Communication

Leaders utilize different communication styles in the organizational context. An example of one of the styles that Vela shares is downward communication. Mainly, she utilizes this approach when delegating to the nurses in charge. According to Bisel and Rush (2021), the approach is highly effective in communicating information and instructions to be shared to other team members. Moreover, the approach is effective since it allows the manager to give and receive feedback regarding whether what was delegated was successful. Further, Vela encourages upward communication, which involves junior staff communicating with the manager or others in senior levels. An example of how Vela uses this style is when she encourages nurses to share their concerns about the working environment, including issues such as lack of adequate equipment. Such communication is crucial at the unit since it helps minimize conflicts, ensure the delivery of quality services, and achieve improved health outcomes for patients. On the other hand, peer communication involves exchanging or sharing information among individuals within the same hierarchy level (Bisel & Rush, 2021). In this context, Vela often liaises with managers in other departments to share ideas regarding how they can work together to achieve the overall goals of the organization.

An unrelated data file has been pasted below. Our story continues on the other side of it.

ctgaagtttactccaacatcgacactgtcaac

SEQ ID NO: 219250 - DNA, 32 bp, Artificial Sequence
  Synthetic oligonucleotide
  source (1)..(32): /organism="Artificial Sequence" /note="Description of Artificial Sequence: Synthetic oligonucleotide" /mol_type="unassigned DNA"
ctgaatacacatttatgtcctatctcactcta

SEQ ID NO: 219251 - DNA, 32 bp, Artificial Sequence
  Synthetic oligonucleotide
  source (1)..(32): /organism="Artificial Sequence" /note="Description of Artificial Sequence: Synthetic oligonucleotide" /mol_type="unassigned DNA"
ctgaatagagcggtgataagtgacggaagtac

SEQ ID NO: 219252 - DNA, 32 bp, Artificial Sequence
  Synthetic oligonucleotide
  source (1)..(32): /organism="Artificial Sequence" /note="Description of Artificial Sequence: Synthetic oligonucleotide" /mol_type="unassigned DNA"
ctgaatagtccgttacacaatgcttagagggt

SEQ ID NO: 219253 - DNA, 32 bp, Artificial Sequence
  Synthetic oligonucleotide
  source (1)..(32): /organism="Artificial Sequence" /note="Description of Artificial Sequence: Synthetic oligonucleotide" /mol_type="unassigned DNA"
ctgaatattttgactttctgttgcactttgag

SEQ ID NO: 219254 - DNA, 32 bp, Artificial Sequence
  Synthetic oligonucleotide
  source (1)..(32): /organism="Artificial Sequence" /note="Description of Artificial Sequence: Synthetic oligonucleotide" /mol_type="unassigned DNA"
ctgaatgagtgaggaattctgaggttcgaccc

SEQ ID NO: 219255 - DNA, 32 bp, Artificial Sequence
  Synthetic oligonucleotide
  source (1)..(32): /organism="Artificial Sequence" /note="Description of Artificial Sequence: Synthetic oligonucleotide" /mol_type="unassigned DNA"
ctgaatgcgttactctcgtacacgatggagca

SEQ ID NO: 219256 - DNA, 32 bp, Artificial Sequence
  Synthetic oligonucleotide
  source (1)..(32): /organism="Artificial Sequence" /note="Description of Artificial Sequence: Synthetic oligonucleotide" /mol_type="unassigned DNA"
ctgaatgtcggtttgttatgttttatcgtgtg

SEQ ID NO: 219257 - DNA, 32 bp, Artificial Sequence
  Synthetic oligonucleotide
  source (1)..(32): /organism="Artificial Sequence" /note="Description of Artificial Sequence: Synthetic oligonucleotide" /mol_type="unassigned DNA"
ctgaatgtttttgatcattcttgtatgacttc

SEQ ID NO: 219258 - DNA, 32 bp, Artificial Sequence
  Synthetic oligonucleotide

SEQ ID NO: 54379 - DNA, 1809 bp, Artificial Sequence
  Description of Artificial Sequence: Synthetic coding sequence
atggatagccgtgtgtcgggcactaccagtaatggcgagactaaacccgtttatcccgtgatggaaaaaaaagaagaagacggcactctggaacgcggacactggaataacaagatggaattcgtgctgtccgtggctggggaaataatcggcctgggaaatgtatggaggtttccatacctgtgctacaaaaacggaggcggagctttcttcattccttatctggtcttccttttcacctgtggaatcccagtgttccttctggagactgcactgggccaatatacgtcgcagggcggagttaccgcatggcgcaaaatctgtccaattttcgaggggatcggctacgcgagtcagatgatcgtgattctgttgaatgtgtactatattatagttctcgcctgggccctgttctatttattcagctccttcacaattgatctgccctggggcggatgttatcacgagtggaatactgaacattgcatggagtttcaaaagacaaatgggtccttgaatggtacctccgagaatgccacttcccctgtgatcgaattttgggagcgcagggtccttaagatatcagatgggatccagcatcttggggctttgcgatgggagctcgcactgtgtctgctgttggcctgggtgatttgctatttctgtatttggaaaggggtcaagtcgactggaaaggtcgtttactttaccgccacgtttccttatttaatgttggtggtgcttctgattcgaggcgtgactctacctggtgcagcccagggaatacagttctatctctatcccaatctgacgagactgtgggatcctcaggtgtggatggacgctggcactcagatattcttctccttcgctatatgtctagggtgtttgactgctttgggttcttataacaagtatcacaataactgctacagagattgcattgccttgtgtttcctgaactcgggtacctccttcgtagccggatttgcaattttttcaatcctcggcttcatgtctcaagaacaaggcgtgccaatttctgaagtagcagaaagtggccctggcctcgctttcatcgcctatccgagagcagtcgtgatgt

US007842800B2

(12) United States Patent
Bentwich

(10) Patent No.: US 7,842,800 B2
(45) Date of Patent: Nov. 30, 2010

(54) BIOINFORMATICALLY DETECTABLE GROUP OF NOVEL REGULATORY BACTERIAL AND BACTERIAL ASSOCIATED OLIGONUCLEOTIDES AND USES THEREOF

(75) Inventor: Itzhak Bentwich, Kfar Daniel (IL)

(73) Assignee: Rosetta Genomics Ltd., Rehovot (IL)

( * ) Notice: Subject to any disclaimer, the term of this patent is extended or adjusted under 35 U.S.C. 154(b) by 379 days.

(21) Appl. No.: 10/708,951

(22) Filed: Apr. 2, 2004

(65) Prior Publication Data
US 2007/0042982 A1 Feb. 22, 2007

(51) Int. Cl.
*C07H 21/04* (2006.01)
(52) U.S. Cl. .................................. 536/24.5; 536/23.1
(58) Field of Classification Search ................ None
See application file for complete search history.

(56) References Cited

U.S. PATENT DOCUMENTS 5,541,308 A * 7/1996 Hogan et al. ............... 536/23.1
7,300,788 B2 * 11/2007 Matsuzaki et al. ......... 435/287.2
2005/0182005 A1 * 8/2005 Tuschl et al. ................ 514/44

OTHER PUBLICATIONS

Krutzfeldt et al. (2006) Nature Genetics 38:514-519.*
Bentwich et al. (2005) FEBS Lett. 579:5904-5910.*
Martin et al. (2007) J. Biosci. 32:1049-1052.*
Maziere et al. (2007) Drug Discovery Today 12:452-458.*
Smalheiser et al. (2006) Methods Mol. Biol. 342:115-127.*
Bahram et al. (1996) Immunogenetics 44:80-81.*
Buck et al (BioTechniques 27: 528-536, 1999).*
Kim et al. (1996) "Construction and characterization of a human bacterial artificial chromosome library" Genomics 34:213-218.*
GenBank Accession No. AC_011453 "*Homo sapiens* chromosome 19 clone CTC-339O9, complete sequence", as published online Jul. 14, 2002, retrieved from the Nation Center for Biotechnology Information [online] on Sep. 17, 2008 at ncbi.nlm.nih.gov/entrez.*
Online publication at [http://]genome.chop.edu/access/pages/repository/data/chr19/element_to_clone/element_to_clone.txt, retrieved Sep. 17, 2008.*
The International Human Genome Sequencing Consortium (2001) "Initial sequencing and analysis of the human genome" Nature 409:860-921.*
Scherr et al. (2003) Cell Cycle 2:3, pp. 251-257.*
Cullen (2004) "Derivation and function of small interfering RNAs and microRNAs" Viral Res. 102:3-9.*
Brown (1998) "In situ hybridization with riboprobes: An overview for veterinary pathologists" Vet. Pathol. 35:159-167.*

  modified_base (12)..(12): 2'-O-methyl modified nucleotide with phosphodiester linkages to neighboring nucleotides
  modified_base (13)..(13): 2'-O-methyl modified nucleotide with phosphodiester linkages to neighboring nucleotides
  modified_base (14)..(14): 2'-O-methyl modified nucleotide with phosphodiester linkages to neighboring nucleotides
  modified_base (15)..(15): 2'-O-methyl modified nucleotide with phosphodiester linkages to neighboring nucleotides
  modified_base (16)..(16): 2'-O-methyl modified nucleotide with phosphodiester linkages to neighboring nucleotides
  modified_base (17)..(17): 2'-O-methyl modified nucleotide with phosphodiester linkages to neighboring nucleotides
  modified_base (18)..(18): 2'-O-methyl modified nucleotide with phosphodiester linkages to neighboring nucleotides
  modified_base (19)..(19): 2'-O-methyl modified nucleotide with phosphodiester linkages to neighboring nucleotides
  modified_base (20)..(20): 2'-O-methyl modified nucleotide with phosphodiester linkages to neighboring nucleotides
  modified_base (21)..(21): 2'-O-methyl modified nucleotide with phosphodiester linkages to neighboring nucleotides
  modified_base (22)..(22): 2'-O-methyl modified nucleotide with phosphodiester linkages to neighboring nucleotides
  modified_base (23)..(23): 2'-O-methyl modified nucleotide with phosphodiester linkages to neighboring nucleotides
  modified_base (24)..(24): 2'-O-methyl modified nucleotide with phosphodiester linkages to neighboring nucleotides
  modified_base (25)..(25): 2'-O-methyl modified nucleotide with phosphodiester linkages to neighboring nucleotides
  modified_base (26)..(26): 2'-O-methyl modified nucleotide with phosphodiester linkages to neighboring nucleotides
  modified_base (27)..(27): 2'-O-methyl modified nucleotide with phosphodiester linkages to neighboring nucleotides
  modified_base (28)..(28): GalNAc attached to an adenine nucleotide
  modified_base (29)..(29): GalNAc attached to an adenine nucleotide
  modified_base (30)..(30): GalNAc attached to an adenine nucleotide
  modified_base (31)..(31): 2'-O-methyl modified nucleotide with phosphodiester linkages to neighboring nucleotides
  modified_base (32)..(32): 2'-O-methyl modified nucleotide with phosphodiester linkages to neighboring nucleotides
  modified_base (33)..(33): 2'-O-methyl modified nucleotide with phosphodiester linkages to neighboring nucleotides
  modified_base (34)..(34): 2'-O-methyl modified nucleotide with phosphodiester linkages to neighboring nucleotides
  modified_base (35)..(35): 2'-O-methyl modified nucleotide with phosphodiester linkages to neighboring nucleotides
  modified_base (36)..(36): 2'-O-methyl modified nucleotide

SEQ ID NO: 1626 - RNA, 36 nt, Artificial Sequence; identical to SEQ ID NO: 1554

Vela emphasizes the need for staff to respect each other to achieve a more effective work environment. Broadly, I feel that she is doing a great job in her position. Based on the instances I have interacted with her directly, her communication skills are outstanding and highly effective. She is an active listener, a team player, and always seeks to get feedback from members of the department to improve the work environment. However, to become a more effective communicator, I recommend that she should be more empathetic with the nurses. She should understand that some incidences with the patients are beyond their control despite having policies and procedures that should be followed to ensure patient safety.

References

American Nurses Association (ANA). (2016). About ANA. Nursingworld.org. http://www.nursingworld.org/FunctionalMenuCategories/AboutANA

Bisel, R.S., & Rush, K.A. (2021). Communication in organizations. In J.M. Peiro (Ed.), Oxford Research Encyclopedia of Psychology. Oxford University Press. https://doi.org/10.1093/acrefore/9780190236557.013.866

Labrague, L.J., Al Hamdan, Z., & McEnroe‐Petitte, D.M. (2018). An integrative review on conflict management styles among nursing professionals: Implications for nursing management. Journal of Nursing Management, 26(8), 902-917. https://doi.org/10.1111/jonm.12626

Liggett, R. (2020). Toward a conceptualization of democratic leadership in a professional context. Canadian Journal of Educational Administration and Policy, 193, 115-127. http://orcid.org/0000-0003-1816-6546